Whatever Happened to Declining Oil Consumption in the U.S.?
First, the basics on global oil consumption. "The International Energy Agency (IEA) tracks which countries use how much oil -- and the United States is always at the top of the list," writes (and states - listen here) Adriene Hill, who reports on the "individual relationship to sustainability and the environment" for Marketplace.
“Every single day, just over 19 million barrels of oil are consumed in the U.S.,” says Matt Parry, senior oil market analyst for the agency. That accounts for about 20 percent of global oil use [91.2mbd]. China comes in second, using about 10 million barrels a day.
However, in 2013, the two percent increase in U.S. oil consumption exceeded China's increase according to IEA's Oil Market Report for January. Parry attributes the rise to increased economic activity as the U.S. emerges from its recession. Hill adds that increased oil production resulted in reduced domestic (Western Texas Intermediate benchmark) prices, increasing usage by both industry and in transportation.
Bryan Walsh of Time Science & Space provides the data: "U.S. demand for oil grew by 390,000 barrels a day (bbd) or about 2%, after years of decline. For the first time since 1999, U.S. demand for oil grew faster than China’s demand, which rose by 295,000 bbd, the weakest increase in six years. So not only is the U.S. producing a gusher of oil, but it’s also consuming more crude."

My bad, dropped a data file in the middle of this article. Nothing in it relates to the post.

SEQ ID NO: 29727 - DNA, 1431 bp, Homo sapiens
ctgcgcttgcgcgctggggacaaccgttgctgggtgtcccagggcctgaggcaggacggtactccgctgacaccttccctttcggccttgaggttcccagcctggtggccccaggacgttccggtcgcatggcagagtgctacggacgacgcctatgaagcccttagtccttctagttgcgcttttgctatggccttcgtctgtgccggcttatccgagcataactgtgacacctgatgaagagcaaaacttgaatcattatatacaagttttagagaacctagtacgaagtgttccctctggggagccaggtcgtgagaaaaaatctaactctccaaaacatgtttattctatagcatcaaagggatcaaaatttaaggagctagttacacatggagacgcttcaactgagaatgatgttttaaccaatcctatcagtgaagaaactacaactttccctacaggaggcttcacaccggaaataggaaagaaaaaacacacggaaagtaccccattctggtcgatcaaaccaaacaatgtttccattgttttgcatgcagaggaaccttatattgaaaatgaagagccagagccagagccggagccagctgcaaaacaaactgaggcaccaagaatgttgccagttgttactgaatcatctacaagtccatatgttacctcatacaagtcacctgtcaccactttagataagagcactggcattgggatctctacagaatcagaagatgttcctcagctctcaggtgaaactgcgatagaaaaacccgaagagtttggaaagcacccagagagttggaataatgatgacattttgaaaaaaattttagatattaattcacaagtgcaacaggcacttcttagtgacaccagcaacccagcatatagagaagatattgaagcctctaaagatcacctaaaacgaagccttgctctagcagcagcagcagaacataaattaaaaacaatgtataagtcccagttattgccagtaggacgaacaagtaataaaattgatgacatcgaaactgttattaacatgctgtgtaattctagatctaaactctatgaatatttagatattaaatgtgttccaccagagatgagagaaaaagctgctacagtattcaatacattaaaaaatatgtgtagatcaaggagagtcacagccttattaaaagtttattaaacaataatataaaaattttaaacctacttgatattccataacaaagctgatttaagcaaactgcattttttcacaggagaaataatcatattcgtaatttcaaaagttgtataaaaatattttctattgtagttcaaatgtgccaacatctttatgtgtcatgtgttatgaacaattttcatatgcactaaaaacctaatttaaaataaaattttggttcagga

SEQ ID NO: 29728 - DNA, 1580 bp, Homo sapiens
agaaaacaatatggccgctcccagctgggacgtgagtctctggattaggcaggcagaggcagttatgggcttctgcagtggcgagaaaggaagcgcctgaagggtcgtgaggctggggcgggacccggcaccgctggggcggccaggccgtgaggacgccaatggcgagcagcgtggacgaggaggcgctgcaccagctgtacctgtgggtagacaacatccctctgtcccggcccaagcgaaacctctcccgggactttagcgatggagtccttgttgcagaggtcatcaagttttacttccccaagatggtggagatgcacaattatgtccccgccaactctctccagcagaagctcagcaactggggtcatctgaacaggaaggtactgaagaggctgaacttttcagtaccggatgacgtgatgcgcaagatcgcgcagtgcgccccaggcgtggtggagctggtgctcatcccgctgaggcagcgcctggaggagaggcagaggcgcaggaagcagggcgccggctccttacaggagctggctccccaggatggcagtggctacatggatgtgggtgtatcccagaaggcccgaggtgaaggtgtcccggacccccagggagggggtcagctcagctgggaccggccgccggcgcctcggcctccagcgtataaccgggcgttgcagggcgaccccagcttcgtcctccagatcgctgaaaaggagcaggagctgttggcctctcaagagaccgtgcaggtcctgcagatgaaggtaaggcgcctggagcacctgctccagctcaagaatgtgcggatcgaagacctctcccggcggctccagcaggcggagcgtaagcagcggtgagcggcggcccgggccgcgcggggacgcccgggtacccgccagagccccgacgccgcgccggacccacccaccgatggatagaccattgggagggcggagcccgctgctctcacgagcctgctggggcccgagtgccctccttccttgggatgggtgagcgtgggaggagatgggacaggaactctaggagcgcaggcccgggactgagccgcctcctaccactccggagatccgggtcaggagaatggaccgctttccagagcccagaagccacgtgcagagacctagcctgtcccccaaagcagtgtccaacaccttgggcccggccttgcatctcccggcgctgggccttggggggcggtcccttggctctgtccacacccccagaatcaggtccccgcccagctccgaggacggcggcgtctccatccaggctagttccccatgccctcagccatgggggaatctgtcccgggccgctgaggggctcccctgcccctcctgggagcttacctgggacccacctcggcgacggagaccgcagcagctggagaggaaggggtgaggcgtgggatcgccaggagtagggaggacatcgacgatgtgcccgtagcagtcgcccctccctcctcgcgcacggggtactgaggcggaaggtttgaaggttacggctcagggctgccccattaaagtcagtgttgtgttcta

The increased consumption wasn't confined to the U.S. Other developed nations also experienced increases, according to Euronews. "(IEA) predicts consumption of crude will increase by 1.3 million barrels per day this year to a total of 92.5 million barrels per day, up from 91.2 million last year and 90 million in 2012," they wrote.
And despite increased shale oil production in the U.S. which Walsh indicates was 990,000 bbd, the most in 20 years, they write that "this year OPEC will also have to pump more to meet increasing demand."
However, the increased oil consumption in the U.S. is not expected to continue, writes Hill, unlike the forecast for China.
“Over time we think that U.S. demand is going to be flat at best, or probably trending a bit down,” says Mark Schwartz, president of PIRA Energy group, a consulting firm. China, on the other hand, likely has a whole lot of growth in its future. More people there are looking to buy cars, to travel, and to consume more like we do here in the United States.
That’s arguable—the drop in the percentage of households with cars could well have more to do with high unemployment and slugging economic growth than anything else.